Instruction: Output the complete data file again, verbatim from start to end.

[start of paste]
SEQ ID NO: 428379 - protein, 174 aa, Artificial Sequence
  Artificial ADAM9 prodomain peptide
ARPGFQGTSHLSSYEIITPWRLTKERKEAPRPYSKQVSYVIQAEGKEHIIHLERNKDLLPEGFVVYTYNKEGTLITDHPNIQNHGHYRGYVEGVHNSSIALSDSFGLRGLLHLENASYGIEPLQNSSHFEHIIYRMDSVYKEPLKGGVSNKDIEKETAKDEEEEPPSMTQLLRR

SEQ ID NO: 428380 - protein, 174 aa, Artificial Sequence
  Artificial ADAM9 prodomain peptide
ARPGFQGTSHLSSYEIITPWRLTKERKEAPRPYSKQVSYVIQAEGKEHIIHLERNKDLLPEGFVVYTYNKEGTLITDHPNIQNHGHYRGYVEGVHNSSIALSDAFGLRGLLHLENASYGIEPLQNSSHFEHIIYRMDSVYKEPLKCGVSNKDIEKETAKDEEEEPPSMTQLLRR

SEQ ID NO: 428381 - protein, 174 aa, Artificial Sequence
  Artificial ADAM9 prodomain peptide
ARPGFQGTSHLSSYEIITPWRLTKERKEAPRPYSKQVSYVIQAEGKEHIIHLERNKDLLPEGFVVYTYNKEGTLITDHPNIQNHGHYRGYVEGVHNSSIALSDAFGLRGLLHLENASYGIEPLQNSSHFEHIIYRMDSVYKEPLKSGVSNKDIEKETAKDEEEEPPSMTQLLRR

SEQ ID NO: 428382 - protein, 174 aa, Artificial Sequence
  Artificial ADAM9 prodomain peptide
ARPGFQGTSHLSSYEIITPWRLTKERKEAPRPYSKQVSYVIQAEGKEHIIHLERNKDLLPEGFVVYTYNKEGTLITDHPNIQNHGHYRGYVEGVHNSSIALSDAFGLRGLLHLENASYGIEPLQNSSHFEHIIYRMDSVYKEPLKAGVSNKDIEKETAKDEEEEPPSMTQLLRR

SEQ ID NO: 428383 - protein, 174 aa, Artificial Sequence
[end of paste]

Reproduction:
SEQ ID NO: 428379 - protein, 174 aa, Artificial Sequence
  Artificial ADAM9 prodomain peptide
ARPGFQGTSHLSSYEIITPWRLTKERKEAPRPYSKQVSYVIQAEGKEHIIHLERNKDLLPEGFVVYTYNKEGTLITDHPNIQNHGHYRGYVEGVHNSSIALSDSFGLRGLLHLENASYGIEPLQNSSHFEHIIYRMDSVYKEPLKGGVSNKDIEKETAKDEEEEPPSMTQLLRR

SEQ ID NO: 428380 - protein, 174 aa, Artificial Sequence
  Artificial ADAM9 prodomain peptide
ARPGFQGTSHLSSYEIITPWRLTKERKEAPRPYSKQVSYVIQAEGKEHIIHLERNKDLLPEGFVVYTYNKEGTLITDHPNIQNHGHYRGYVEGVHNSSIALSDAFGLRGLLHLENASYGIEPLQNSSHFEHIIYRMDSVYKEPLKCGVSNKDIEKETAKDEEEEPPSMTQLLRR

SEQ ID NO: 428381 - protein, 174 aa, Artificial Sequence
  Artificial ADAM9 prodomain peptide
ARPGFQGTSHLSSYEIITPWRLTKERKEAPRPYSKQVSYVIQAEGKEHIIHLERNKDLLPEGFVVYTYNKEGTLITDHPNIQNHGHYRGYVEGVHNSSIALSDAFGLRGLLHLENASYGIEPLQNSSHFEHIIYRMDSVYKEPLKSGVSNKDIEKETAKDEEEEPPSMTQLLRR

SEQ ID NO: 428382 - protein, 174 aa, Artificial Sequence
  Artificial ADAM9 prodomain peptide
ARPGFQGTSHLSSYEIITPWRLTKERKEAPRPYSKQVSYVIQAEGKEHIIHLERNKDLLPEGFVVYTYNKEGTLITDHPNIQNHGHYRGYVEGVHNSSIALSDAFGLRGLLHLENASYGIEPLQNSSHFEHIIYRMDSVYKEPLKAGVSNKDIEKETAKDEEEEPPSMTQLLRR

SEQ ID NO: 428383 - protein, 174 aa, Artificial Sequence